“Your name sounds weird,” she remarked to Johan one afternoon as the two youngsters endeavored to build a castle from his Lego set.
Johan puckered his lower lip and exclaimed with frustration, “I know, Tabby. I’ve asked for a new one, but my Dad says it’s a fine name and I should be happy with it.” Tabitha nodded sympathetically as tears welled in Johan’s eyes. She’d overheard her parents remark, “that poor kid once he starts school” and she knew this meant Johan was going to be teased. She would put some thought into this for her cousin.
As they worked on the castle, Tabitha’s precocious seven-year-old brain flashed back to an event she had witnessed recently in the bulk section at Whole Foods.
“I know how you can change your name to one that you’d like better,” she said with such certainty that Johan’s head popped up from the bridge he was constructing.
Johan had recently overheard his parents saying that Tabitha had skipped kindergarten and moved straight to first grade. He knew she was special, and her advice was not to be ignored.
Tabitha continued, “I saw a boy get his name changed to Batman last week. He had a meltdown— kicked his legs on the floor and cried until his mother agreed to call him that.”
Johan’s eyes bulged. He stared at Tabitha for several seconds. “I can’t do that, Tabby,” he whispered. Johan was a model child. Sakura and Charlie were kind, gentle parents and Johan never had any reason to execute a full-scale revolt. His every need was always met.
“Parents get very embarrassed of meltdowns, Johan,” said Tabitha knowingly. “You’d only have to do it once, in front of other grown-ups and your name could be changed forever to something like C.J., which is much better, don’t you think?”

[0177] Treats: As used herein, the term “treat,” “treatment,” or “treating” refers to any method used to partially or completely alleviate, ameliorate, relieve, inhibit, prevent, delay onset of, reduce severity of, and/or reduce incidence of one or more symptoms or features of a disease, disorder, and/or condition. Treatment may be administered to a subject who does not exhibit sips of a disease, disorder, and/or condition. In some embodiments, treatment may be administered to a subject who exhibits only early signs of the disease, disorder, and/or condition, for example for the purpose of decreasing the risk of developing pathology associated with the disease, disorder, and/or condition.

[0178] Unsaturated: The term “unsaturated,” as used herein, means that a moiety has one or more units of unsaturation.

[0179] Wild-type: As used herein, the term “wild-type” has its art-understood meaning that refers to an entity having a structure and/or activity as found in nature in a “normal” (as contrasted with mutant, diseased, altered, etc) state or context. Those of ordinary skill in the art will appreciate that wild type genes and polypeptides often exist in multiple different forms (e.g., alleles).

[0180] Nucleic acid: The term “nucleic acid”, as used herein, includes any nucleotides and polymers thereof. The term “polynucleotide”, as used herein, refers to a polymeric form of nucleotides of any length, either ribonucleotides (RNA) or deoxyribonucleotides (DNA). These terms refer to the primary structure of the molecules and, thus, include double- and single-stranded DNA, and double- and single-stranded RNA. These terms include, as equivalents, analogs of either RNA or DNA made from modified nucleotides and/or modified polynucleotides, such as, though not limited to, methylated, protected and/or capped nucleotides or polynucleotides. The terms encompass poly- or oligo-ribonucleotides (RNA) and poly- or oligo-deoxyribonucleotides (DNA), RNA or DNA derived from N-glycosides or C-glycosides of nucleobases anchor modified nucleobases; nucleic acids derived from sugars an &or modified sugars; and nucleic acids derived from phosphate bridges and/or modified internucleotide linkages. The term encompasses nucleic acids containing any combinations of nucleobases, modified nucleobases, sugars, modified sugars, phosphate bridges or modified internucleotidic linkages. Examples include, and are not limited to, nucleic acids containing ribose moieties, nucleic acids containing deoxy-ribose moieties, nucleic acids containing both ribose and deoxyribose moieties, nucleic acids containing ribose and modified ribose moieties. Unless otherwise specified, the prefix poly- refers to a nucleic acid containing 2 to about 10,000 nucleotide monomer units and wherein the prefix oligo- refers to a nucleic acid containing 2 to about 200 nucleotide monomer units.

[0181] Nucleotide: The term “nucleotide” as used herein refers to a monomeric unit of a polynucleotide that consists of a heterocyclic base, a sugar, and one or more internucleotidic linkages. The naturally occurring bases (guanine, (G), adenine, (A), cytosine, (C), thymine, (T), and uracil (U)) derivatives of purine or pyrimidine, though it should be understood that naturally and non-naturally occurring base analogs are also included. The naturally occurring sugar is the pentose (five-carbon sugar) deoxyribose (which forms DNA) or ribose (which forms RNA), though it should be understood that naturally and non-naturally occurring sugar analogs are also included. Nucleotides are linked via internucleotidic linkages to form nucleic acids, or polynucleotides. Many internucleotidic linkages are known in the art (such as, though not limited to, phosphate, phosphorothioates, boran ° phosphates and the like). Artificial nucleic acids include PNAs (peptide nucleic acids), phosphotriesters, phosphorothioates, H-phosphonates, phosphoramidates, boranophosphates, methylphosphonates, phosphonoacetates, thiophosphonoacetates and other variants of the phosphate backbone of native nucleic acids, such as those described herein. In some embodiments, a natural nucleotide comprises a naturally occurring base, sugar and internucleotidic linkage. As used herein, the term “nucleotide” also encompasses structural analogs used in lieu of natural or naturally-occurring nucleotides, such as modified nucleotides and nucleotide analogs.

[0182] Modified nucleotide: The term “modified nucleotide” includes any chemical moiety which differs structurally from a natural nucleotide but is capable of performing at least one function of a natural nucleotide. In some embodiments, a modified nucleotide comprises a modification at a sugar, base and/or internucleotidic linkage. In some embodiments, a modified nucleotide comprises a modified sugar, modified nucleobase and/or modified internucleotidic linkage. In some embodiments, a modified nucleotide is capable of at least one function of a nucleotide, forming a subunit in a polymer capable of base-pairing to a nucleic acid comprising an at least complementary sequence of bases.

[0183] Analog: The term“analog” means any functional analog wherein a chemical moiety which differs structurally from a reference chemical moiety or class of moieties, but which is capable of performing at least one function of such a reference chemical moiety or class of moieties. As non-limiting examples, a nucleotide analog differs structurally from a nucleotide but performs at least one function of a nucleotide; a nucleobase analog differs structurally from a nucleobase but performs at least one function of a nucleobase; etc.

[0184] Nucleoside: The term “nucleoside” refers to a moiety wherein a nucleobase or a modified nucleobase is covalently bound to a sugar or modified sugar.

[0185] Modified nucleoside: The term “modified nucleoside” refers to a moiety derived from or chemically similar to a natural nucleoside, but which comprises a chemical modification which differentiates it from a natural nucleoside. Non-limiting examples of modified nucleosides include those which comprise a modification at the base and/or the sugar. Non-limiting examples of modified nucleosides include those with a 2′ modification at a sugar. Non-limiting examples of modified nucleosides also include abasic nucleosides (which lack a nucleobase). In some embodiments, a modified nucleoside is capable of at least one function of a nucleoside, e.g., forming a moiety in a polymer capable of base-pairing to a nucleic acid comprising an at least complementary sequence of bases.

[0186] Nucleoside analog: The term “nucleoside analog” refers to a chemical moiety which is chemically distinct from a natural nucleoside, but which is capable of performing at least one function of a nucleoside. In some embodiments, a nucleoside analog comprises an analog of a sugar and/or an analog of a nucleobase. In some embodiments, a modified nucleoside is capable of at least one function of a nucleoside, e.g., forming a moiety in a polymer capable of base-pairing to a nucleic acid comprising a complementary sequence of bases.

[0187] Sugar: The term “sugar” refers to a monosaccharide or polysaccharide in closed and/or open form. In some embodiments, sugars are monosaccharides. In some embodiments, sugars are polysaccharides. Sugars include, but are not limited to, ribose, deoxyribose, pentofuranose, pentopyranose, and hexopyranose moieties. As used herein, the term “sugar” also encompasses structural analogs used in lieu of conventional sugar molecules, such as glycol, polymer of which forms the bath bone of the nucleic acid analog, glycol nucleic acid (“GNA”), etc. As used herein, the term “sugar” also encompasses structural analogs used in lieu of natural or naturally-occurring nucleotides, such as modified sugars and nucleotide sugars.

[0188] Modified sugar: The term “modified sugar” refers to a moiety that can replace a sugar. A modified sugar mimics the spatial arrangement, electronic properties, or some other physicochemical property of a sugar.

Johan mulled this over and decided it must be so. Kindergarten was only a few months off and he dreaded being called Johan or worse Colonel in front of the other children.
A week later, Charlie and Johan walked through Benaroya Hall, where he was to take his seat while his father played. Johan was the only child the conductor had ever allowed to watch the Seattle Symphony dress rehearsals. This was due partly because of his namesake but mostly because he was so well behaved. Johan slowed as they approached row R, his favorite spot to watch the orchestra. He wasn’t sure if he could go through with it, but something inside urged him onward.
“Here is your section, Johan,” said his father Charlie kindly. “Now give me a…” and before Charlie could ask for a hug, Johan took a deep breath and hurled himself to the floor, yelling with a gusto that horrified his father and impressed himself, “No more Johan! I wanna be C.J.! I wanna be C.J!”
He kicked his feet and thrashed back and forth on the floor shutting his eyes tightly. He did not want to see his father’s face. Instead, he imagined he was fighting a giant octopus and continued thrashing, loudly repeating his demands as his mortified father tried to hush him, agreeing to change his name.
A few months later C.J. Willoughby started Kindergarten at Lafayette Elementary. A special note was attached to his file, which indicated that he must not be called Johan, but referred to by his initials, C.J. Seven-year-old Tabitha was secretly pleased, not so much because her plan had worked, but because she was slowly unraveling the secrets of the human psyche.
One afternoon late in August as the first day of middle school loomed, Tabitha remarked to her cousin that an adolescent doomsday had been avoided. C.J.’s real name had never been uttered at public school and he was known to everyone by his initials. Even better, his two best friends were both in eighth grade, which significantly raised his social status according to the all-knowing Tabitha, who as she was keen to point out, was generally right about most things.